The terms, “hacker,” and “hack” have their origin at The Model Railroad Club at MIT somewhere in the 1950s. At least, that’s the attribution by author Steven Levy in his book, Hackers: Heroes of the Computer Revolution. There are earlier references but seeing that MIT has been the home to so many remarkable computer firsts, we’ll accept the birth of the hacker as just another feather in its beanie.

            No matter how you slice it, hacker is most commonly referred to in some criminal context. According to Professor Herb Mattord  of Kennesaw State University in Georgia, “It’s come to mean anyone who works their way around legitimate controls in systems.”  Hackers do not consider themselves as criminals. Despite the glamour of hacking, portrayed in such movies as War Games or Hackers, most say that they hack for the intellectual challenge, to gain greater knowledge of computing, or for the adrenaline rush that it provides. Hackers, like many creative people, are not content to know that something works. They prefer to know both how it works and how they can make it work better. If this means stretching beyond the limits of what others consider legal, so be it. Richard Thieme, who has written extensively about computer security as well as lecturing at security conventions, feels that hackers are “…unconventional thinkers, people who are unconventional in every way and who refuse to accept no. If they’re told the machine wasn’t meant to do something, they figure out a way.”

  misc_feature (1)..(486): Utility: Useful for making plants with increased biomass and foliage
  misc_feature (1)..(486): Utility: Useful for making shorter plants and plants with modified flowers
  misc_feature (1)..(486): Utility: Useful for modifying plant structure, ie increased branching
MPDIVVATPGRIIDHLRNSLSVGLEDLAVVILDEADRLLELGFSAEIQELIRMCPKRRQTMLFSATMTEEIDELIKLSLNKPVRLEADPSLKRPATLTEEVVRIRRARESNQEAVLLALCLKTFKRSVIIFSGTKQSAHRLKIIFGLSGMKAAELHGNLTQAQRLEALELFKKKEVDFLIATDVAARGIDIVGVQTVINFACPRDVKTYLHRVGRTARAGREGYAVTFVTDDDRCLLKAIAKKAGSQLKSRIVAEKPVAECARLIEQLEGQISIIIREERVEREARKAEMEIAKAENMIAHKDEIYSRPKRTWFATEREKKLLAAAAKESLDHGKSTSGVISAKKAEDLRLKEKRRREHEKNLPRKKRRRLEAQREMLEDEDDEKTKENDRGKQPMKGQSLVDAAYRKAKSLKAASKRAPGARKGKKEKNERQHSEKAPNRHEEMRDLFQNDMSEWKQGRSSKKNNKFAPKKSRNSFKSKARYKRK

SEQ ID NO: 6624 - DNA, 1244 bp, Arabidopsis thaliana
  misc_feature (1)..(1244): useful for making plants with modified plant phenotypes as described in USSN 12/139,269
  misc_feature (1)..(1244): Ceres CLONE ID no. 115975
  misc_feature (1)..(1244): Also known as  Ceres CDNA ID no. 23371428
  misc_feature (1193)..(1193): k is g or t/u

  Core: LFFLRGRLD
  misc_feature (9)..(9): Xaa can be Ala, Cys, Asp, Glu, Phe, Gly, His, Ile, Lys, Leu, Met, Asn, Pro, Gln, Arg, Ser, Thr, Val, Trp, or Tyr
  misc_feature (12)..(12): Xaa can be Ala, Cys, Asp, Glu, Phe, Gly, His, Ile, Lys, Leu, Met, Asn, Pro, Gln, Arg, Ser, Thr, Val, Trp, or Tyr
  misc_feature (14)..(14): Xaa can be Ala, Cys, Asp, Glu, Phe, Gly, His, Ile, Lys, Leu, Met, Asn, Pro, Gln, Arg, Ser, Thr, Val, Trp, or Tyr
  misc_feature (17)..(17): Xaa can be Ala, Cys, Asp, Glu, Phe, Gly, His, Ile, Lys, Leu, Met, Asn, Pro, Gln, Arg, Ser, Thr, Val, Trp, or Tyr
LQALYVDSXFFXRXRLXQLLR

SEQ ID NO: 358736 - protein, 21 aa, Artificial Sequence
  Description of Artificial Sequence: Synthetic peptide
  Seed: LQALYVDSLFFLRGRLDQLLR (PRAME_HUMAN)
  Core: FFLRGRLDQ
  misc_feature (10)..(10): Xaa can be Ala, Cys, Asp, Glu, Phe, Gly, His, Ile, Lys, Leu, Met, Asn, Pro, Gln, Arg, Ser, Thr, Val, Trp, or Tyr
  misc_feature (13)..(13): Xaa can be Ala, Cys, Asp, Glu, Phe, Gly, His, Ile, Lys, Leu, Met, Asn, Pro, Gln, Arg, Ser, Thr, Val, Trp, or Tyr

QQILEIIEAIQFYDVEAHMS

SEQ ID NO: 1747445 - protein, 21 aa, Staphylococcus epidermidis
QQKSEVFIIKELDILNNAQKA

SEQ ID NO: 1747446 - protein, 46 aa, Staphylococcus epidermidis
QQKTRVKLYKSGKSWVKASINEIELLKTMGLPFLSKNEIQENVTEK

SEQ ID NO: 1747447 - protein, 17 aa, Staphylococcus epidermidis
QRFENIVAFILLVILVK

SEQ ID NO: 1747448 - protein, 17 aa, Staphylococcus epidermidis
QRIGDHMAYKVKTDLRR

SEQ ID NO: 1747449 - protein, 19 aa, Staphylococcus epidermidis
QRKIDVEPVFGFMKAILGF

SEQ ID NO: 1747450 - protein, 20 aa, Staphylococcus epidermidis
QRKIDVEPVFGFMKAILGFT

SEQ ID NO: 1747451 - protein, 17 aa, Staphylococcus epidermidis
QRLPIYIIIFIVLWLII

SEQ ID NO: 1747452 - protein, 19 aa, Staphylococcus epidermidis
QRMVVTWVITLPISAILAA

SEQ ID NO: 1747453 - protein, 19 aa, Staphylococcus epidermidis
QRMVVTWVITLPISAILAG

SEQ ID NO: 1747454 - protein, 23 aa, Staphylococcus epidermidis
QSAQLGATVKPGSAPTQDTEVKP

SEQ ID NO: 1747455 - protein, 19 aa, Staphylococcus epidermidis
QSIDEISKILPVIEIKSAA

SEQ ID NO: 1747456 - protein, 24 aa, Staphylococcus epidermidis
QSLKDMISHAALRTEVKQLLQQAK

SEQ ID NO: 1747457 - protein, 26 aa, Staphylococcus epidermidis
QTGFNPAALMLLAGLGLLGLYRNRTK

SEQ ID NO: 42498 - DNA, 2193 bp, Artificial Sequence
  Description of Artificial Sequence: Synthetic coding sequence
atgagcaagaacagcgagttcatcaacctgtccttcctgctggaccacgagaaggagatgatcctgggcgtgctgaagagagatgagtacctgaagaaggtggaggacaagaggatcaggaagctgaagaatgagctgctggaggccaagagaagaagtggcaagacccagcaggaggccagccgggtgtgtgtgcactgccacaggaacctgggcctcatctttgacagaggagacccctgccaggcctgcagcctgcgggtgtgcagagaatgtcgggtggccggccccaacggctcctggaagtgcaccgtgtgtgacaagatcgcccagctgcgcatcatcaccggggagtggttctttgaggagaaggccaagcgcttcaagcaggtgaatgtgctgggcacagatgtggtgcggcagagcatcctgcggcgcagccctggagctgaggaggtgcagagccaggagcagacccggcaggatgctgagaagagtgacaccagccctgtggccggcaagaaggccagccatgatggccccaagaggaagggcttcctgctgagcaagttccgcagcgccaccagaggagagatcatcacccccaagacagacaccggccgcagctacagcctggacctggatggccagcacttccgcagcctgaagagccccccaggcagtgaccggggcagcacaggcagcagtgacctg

Am I advocating hacking as something to be encouraged? Absolutely not. According to Information Week, “Hacker is a loaded word. The hacker community – and it’s a thriving online community – includes technophiles, curiosity seekers, cybervandals, and outright thieves and fraudsters.”  Those who fall in the latter categories are criminals and create serious problems.  Industrial espionage can be profitable for those who know how to crack the system. Estimates of the cost to business from computer hackers range from $200 million per year to more than $1.6 trillion. The actual figure is probably closer to the former than the latter. Several companies have offered rewards for information that leads to the capture of those responsible for unleashing virus or worm attacks.

            Believe it or not, there is an up side to hacking. Many people who have been hackers in their youth use the skill to become security consultants and protect others against the less desirable element in hacking. Some, like Marc Maiffret of eEye Digital Security, have founded their own firms to make security software for others.

            Having been the victim of identity fraud and not really knowing whether or not it was computer-related, I use to cringe and clench my fists at the word hacker. Today, however, after doing a bit of research, I’m a bit more tolerant. It’s now much easier to see that hackers actually can be good guys…I think.